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A man described as one of the nation’s leading senders of spam says an FBI raid on his home office has halted his e-mail operation.

Warrants unsealed last week show that a September raid on Alan M. Ralsky’s home in a Detroit suburb included the seizure of financial records, computers and disks.

“We’re out of business at this point in time,” Ralsky said.

Terry Berg, the top deputy in the Detroit U.S. attorney’s office, declined to comment.

Ralsky has said he has 150 million or more e-mail addresses. He has been a target of anti-spam efforts for years.


Platelet-test product to be unveiled today

A Seattle company that tests the condition of blood products planned to release data today showing its lead product can accurately measure platelet health without contamination.

The results from the company, BCSI, were to be presented at the American Association of Blood Banks annual meeting in Seattle.

Platelets, perishable blood products that form clots to stop bleeding, are given to patients being treated for cancer, trauma and transplant surgeries.

BCSI’s pH Detection System uses optical sensors inserted into fluid storage bags — without contaminating the contents — to test platelet acidity, an indicator of platelet health.

Chairman and Chief Executive Geoff Holmes said the technology could help hospitals and blood banks improve inventory management.

More than 1 million units of platelets, which have a five-day shelf life, are discarded annually.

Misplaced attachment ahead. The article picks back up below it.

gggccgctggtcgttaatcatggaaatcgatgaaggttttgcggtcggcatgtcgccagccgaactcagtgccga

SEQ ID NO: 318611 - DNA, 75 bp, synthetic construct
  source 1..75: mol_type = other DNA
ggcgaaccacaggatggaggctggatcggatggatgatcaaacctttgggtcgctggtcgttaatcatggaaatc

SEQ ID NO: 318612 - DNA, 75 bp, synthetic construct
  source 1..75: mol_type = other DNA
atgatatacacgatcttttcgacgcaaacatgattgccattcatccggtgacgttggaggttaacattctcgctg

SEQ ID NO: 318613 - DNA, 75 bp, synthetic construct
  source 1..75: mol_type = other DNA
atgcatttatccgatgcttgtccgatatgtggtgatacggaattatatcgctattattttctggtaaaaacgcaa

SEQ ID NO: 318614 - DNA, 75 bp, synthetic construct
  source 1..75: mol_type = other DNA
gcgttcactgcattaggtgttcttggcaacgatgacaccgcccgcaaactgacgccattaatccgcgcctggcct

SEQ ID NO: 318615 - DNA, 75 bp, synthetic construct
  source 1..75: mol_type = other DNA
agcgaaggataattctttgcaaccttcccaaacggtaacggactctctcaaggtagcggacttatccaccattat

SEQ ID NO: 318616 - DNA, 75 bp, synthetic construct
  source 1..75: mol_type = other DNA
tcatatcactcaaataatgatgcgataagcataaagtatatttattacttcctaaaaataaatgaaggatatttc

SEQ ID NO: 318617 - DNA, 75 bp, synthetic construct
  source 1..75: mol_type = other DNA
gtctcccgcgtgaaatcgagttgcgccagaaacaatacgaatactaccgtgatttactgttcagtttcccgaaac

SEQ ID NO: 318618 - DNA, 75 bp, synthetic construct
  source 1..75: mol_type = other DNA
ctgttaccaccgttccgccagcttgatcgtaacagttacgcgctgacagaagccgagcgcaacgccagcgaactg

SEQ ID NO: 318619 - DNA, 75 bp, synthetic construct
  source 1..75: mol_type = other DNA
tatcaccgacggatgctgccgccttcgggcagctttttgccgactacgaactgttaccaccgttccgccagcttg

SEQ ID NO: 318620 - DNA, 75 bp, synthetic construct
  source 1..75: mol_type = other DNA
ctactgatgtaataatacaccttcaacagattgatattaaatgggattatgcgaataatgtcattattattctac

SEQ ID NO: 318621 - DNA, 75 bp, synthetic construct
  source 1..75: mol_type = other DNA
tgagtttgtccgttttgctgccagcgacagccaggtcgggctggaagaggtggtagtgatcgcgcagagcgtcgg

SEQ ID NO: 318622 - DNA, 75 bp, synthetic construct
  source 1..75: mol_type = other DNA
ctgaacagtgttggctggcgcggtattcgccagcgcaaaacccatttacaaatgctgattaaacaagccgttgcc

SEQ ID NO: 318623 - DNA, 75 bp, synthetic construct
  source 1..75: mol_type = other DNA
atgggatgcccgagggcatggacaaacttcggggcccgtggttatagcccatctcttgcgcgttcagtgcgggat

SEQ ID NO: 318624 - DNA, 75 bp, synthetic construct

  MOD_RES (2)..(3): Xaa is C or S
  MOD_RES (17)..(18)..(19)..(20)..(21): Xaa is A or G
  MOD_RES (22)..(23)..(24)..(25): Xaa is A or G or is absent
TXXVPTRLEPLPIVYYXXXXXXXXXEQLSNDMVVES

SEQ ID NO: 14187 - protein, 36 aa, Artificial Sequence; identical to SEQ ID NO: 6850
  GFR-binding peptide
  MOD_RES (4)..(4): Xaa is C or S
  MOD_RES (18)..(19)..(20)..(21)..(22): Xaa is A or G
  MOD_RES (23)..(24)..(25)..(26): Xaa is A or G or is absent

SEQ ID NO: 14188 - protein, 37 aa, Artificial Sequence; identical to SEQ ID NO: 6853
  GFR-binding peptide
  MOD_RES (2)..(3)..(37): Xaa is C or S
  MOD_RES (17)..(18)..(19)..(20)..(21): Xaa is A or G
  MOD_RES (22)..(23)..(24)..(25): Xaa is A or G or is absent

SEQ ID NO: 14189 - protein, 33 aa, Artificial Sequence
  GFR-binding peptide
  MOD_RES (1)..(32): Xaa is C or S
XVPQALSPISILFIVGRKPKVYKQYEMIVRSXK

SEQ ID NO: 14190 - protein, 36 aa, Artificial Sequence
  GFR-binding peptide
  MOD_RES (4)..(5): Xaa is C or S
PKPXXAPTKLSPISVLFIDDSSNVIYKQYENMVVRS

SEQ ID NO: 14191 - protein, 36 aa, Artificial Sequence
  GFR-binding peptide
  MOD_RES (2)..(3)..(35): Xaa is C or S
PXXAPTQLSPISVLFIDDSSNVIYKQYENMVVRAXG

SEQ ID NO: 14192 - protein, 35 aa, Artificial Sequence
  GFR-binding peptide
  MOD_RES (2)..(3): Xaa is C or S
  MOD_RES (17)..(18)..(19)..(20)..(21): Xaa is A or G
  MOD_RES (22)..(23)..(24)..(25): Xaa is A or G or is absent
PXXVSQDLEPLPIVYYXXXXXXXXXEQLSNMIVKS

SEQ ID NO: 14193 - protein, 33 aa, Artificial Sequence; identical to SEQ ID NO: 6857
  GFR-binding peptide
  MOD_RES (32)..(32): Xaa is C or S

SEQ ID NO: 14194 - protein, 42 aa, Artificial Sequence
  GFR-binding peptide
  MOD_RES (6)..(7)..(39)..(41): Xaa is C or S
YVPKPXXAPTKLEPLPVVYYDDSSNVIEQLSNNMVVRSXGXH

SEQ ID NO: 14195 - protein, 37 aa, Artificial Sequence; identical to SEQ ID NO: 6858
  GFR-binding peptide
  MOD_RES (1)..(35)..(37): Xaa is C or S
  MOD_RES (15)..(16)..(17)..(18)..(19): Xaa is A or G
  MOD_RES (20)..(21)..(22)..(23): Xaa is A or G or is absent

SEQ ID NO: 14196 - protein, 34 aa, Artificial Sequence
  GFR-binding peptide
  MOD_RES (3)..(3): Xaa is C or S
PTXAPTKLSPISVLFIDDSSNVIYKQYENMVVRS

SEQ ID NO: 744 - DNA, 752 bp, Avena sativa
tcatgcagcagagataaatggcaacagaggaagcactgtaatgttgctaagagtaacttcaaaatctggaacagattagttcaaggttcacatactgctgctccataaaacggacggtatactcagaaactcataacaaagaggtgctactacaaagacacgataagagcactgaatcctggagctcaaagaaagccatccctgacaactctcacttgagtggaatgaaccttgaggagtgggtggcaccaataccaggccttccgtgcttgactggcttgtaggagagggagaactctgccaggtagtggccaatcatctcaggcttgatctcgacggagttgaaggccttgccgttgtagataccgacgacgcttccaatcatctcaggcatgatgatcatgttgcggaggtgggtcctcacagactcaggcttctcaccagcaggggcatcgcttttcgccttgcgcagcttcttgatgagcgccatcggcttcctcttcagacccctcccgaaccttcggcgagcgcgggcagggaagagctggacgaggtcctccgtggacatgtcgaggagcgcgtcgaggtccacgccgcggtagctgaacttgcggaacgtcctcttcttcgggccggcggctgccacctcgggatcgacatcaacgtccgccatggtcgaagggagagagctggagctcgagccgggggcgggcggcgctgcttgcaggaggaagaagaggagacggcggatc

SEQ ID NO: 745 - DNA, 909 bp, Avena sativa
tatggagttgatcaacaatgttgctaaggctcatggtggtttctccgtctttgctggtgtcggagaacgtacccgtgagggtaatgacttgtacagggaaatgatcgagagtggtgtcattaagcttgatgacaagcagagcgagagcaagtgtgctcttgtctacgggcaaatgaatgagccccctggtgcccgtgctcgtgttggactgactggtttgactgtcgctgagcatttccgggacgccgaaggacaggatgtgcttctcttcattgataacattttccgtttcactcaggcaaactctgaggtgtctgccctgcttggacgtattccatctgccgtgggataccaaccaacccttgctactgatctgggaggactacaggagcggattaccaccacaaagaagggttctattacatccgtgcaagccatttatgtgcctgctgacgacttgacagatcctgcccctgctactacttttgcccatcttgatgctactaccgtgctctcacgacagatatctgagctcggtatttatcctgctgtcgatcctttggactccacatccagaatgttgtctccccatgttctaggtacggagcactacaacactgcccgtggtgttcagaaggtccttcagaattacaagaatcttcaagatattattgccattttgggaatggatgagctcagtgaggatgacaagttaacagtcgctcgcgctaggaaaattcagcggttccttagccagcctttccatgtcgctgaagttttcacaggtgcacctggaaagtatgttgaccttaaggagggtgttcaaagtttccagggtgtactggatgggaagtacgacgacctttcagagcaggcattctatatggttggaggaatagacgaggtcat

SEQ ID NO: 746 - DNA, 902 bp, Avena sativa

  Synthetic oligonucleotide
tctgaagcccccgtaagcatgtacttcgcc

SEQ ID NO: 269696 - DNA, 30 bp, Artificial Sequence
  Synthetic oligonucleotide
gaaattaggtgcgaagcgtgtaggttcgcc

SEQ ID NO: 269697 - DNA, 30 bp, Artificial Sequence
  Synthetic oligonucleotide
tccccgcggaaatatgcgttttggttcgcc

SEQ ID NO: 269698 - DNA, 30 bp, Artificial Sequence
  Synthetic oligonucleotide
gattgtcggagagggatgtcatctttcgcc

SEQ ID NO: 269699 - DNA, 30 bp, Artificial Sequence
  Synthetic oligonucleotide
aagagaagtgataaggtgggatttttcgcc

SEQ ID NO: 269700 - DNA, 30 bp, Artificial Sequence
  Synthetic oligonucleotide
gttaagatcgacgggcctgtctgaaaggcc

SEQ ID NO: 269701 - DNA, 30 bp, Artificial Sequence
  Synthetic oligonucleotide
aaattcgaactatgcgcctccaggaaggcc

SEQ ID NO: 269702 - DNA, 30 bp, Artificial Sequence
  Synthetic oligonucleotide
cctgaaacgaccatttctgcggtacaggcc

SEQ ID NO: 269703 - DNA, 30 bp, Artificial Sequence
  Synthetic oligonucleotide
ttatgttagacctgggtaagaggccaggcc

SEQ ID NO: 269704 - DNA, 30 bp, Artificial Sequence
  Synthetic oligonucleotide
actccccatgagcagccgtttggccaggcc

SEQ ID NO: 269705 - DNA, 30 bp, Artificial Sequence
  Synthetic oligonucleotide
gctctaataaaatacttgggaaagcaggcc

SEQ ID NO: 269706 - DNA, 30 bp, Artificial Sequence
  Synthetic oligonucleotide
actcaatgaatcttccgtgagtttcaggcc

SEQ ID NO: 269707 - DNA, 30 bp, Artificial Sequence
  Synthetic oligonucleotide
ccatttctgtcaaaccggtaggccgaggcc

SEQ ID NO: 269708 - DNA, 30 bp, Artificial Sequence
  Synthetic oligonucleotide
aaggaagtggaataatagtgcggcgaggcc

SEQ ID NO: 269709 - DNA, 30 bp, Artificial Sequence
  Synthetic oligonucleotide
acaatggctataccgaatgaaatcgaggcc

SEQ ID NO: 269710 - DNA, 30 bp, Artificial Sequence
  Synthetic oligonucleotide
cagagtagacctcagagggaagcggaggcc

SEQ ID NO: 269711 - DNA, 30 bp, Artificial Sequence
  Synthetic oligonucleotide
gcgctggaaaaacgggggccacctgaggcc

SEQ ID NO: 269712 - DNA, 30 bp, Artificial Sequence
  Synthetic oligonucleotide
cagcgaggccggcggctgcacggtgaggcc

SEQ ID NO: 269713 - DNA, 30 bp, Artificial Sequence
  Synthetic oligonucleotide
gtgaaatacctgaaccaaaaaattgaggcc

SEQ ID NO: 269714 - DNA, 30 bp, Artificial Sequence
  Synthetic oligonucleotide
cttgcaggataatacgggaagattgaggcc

BCSI expects to introduce its product in Europe early next year, with a North American release perhaps by 2007. Founded in 1999, BCSI has 14 employees in Seattle.

Apple Computer

Samsung plant talks collapse in stalemate

Samsung Electronics said today it failed to reach an agreement to build a chip factory with Apple Computer, which uses the South Korean company’s chips in its iPods.

Negotiations broke down after criticism about Samsung by local politicians and civil-rights groups, the Korea Economic Daily reported this month.

Samsung Group has been at the center of scandals in South Korea involving its executives.

Apple is talking with another semiconductor company about building a chip plant in the U.S., according to the Korea Economic Daily report.

Hainan Airlines

Financier Soros to double stake

Global financier George Soros has agreed to invest $25 million more in Hainan Airlines, doubling his investment in the Chinese regional carrier, state media said today.

The funds will go to Grand China Air, a carrier Hainan Air is putting together by merging three smaller rivals, the Shanghai Securities News said.

Soros invested $25 million in 1995 to buy 14.8 percent of Hainan Air.

Kagan Research

Subscriber growth of broadband falls

Broadband subscriber growth started to slow in 2005, according to a new study from Kagan Research.

The research firm forecasts 9.3 million net new broadband subscribers in 2005 — down from the 9.5 million in 2004. That figure is seen dropping off to 8.1 million net new users in 2006 with continued decreases thereafter.

Compiled from Seattle Times business staff, The Associated Press, Reuters and Bloomberg News